John Cougar Mellencamp: Scarecrow – Super Deluxe Edition Box Set

John Mellencamp was making waves. Unfortunately saddled with the stage name “John Cougar” when he came onto the scene in the late-1970s, once he began climbing the singles and sales charts, he asserted his artistic identity much more forcefully by crediting his hit October 1983 LP Uh-Huh to John Cougar Mellencamp. He did so again on his full-artistic breakthrough album, August 1985’s Scarecrow, before dropping the Cougar moniker entirely when the ’90s rolled around.

Scarecrow is the LP that catapulted Mellencamp from being known as a brash hitmaker showing flashes of brilliance into the echelon of insightful, observational songwriters to be reckoned with, on par with the best scribes of the rock era—i.e., the likes of Robbie Robertson, John Fogerty, and, yes, Bob Dylan. Suppose you paid attention to the Cougar mythos beyond all the MTV-era “Little Bastard” noise. In that case, you’d have already picked up the scent in pre-Scarecrow songs like 1979’s “Great Mid-West” (from the self-titled John Cougar), the bridge section of American Fool’s chart-topping 1982 hit “Jack & Diane,” and the defiant slant of Uh-Huh’s “Crumblin’ Down” coupled with the melancholic, wistful verses of “Pink Houses.”

My initial copy of Scarecrow was the 1985 Riva/PolyGram cassette—it was the height of the Sony Walkman era, mind you. The first time I cued up the ostensible title track, “Rain on the Scarecrow,” I felt immediately attuned to a world I was learning about firsthand while attending college in a Midwestern city. I was surrounded by the very farmlands and personal hardships Mellencamp was describing. I’m forever transported to the feelings garnered during that first-impression experience whenever I subsequently played the 1985 Riva/Mercury LP, 1994 Mobile Fidelity UDCD, and 2005 Mercury/Island CD.

But now we have a Scarecrow Super Deluxe Edition box set to spin. Mercury/UMe does it right by including two CDs, one Blu-ray with the core album in 24-bit/48kHz Dolby Atmos, one 180-gram LP with a new half-speed-mastered stereo mix (via DMM), a 7-inch 45 replicating the original picture sleeve for “Small Town,” a poster, and lithographs. The Scarecrow box set was manufactured in the Czech Republic, and it measures 13 x 3 x 12⅞ inches (w/h/d)—a relatively standard box set size, making it that much easier to shelve. The decision to go with a textured, saddle-brown outer box mirrors the weathered intent of the music, and I also like the grooved framing around the stark, sepia-toned cover image (which was a B&W shot surrounded by a thin red square frame on the original album).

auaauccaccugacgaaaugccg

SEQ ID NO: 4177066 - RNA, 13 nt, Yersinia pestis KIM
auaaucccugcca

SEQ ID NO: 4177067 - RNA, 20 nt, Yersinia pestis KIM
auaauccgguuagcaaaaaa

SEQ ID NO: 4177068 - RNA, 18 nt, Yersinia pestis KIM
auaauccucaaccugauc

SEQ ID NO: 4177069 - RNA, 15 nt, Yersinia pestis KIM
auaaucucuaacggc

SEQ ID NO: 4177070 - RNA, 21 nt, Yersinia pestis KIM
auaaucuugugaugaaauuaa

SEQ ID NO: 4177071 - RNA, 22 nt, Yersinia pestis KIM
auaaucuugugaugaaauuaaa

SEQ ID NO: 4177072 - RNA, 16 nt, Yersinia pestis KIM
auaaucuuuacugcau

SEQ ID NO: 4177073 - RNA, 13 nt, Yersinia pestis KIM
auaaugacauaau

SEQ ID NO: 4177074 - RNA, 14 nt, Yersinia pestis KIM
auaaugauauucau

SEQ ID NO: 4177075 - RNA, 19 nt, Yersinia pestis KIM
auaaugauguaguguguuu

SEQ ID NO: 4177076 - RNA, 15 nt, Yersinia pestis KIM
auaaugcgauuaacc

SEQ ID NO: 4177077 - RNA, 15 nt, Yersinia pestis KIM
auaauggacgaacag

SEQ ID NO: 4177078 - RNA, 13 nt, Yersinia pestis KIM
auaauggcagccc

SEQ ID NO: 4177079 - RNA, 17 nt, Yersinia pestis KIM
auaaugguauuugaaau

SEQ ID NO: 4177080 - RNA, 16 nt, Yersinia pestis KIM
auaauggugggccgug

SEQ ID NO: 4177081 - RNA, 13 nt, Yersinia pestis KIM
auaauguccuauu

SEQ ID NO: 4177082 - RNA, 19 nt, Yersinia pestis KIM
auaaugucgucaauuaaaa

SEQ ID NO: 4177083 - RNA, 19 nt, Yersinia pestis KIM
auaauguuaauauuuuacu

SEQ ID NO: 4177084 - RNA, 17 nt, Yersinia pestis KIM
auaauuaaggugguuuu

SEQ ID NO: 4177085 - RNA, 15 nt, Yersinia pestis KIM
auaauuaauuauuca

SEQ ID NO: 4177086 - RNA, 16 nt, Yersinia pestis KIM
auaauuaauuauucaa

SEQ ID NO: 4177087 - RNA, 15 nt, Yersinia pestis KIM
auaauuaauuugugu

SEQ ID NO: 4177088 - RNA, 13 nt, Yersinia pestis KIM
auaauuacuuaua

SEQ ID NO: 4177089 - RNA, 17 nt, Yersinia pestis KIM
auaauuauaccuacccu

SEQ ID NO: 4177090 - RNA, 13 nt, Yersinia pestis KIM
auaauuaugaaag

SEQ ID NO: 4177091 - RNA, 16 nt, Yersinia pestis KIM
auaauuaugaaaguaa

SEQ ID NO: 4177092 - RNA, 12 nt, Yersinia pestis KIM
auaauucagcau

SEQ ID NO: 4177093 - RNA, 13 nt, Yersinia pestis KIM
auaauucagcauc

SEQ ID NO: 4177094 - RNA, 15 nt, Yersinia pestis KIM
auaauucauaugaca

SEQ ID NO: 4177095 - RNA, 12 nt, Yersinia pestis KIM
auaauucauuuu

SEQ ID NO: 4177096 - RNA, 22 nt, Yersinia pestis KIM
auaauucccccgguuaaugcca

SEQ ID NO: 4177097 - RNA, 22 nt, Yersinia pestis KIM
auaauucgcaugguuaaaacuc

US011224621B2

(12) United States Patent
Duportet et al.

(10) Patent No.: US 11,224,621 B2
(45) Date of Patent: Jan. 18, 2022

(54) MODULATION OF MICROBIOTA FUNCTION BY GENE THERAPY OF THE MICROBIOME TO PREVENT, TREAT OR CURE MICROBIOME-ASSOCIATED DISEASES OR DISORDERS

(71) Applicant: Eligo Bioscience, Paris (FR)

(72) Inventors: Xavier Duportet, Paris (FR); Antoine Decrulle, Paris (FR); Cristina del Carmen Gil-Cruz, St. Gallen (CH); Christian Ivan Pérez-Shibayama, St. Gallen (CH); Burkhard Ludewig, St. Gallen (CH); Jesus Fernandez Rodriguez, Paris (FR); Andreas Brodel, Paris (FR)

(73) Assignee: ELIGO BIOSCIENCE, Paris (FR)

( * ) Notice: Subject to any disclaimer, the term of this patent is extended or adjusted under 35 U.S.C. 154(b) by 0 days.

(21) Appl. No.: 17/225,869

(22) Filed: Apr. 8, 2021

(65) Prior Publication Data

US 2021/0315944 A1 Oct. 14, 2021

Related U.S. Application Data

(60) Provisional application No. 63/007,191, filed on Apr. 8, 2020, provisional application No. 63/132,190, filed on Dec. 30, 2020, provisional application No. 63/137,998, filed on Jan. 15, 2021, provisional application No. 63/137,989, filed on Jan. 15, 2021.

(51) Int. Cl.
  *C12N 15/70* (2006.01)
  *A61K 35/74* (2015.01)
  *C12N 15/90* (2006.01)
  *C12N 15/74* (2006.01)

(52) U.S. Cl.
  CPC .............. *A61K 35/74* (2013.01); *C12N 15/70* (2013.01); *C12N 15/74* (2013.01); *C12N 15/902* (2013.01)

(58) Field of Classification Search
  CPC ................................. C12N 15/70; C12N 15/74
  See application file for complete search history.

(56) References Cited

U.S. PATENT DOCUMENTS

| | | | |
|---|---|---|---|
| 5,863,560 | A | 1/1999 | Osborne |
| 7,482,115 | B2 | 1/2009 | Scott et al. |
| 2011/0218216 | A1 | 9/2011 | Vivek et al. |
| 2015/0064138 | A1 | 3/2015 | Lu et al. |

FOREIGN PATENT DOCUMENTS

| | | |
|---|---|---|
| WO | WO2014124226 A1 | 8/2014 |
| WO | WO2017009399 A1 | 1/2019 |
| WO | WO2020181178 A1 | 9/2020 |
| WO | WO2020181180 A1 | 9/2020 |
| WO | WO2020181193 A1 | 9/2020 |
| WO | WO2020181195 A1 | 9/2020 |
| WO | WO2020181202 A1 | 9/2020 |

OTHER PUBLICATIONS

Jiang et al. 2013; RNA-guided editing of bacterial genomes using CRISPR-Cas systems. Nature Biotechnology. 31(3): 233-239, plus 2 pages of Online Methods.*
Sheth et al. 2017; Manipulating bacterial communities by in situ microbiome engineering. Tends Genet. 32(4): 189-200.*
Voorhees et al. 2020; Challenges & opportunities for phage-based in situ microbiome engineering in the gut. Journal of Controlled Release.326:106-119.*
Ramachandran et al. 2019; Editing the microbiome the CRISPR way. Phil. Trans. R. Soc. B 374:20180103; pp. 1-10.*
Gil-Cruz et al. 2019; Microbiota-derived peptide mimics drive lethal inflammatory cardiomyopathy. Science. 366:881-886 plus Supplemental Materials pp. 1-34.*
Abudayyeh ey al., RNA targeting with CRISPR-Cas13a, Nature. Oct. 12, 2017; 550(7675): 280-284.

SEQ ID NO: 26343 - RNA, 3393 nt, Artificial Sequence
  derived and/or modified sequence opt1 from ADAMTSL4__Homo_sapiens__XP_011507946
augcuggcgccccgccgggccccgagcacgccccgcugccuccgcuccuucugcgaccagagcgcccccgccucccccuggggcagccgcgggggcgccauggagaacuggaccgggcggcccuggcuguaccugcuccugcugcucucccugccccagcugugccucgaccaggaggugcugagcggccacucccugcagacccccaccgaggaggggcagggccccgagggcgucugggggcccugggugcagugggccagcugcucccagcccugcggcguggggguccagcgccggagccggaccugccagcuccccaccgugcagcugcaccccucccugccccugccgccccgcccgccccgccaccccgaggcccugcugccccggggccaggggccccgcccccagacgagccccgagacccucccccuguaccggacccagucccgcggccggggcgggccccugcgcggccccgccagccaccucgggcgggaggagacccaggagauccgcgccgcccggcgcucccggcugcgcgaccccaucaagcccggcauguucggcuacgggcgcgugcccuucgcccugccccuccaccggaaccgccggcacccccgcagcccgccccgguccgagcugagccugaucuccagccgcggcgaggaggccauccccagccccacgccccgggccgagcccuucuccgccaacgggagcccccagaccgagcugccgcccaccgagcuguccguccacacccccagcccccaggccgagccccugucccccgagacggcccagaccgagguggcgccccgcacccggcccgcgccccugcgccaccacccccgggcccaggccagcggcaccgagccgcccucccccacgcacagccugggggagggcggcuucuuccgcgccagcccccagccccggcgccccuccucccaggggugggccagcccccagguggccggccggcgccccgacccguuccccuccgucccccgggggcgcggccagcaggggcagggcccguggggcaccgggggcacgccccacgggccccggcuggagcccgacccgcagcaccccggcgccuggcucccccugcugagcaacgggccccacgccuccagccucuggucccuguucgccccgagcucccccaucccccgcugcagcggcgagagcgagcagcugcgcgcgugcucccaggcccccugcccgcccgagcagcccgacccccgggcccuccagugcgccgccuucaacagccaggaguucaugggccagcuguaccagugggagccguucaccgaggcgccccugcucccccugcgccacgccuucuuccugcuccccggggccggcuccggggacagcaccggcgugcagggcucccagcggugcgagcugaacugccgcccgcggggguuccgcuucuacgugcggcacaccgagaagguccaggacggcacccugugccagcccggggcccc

The sturdy cardboard sleeves, half-slots, three discs, and lone 45—reside within the tape-box-delineated gatefold sleeve. All have just about a full ¼-inch of breathing room, akin to the slots in The Beach Boys’ Sail On Sailor – 1972 box set I reviewed for the last issue. Inside the softbound 24-page booklet, Anthony DeCurtis offers an essay that shares insider knowledge befitting his decades of knowing and interviewing Mellencamp in depth. One note regarding the LP—the back cover of the box set erroneously lists “Small Town (Acoustic Version)” as the last song on Side 2, but it’s not there. (Thankfully, it’s not listed on either the LP sleeve or Side 2’s label.)

And the music? As good as ever—even more so in Atmos. That said, the even-dozen, stereo-only bonus tracks show how in the groove Mellencamp and his band were in the studio. The unreleased “Smart Guys” marries ’80s ska with superfast narrative patter, while the funk ’n’ roll cover of “Cold Sweat” reverently honors its originator, James Brown.|

David Leonard’s Atmos mix of the core album’s 12 tracks indeed respects the original “we’re an American band, growing up in the heartland” intent of Mellencamp and Don Gehman’s 1985 mixes—but Leonard smartly chooses to highlight just how good John’s underrated band is in the trenches. Drummer Kenny Aronoff has one of the most impactful snares in rock, as evidenced by how he blisters through “Rain on the Scarecrow.” (Also, dig the darting, snakelike tambourine hits wisping from channel to channel all throughout the track.) Mellencamp’s lead vocals are properly centered and mostly hover just above eye level. Select moments of guitar interplay split wide left and wide right, while male background vocals are correctly understated in the ether on “Lonely Ol’ Night” (enunciated as “arms around yew”) and “You’ve Got to Stand for Something” (the punched repetition of “stand”).

The best realized Atmos track is “Small Town (Acoustic Version),” stripped down to highlight clean acoustic guitars out front, and fiddle and mandolin accents out back—a back porch Indiana duende reading that foreshadowed all that came next in Mellencamp’s recording career.

I hope this expanded Scarecrow is but a precursor to future box sets feting other key entries in John Mellencamp’s catalog, starting with his full-on Americana follow-up, August 1987’s The Lonesome Jubilee. Scarecrow is the album that planted the seeds of an artist in deep reflection, one whose small-town proclivities struck a profoundly resonant chord with the big-town world at large.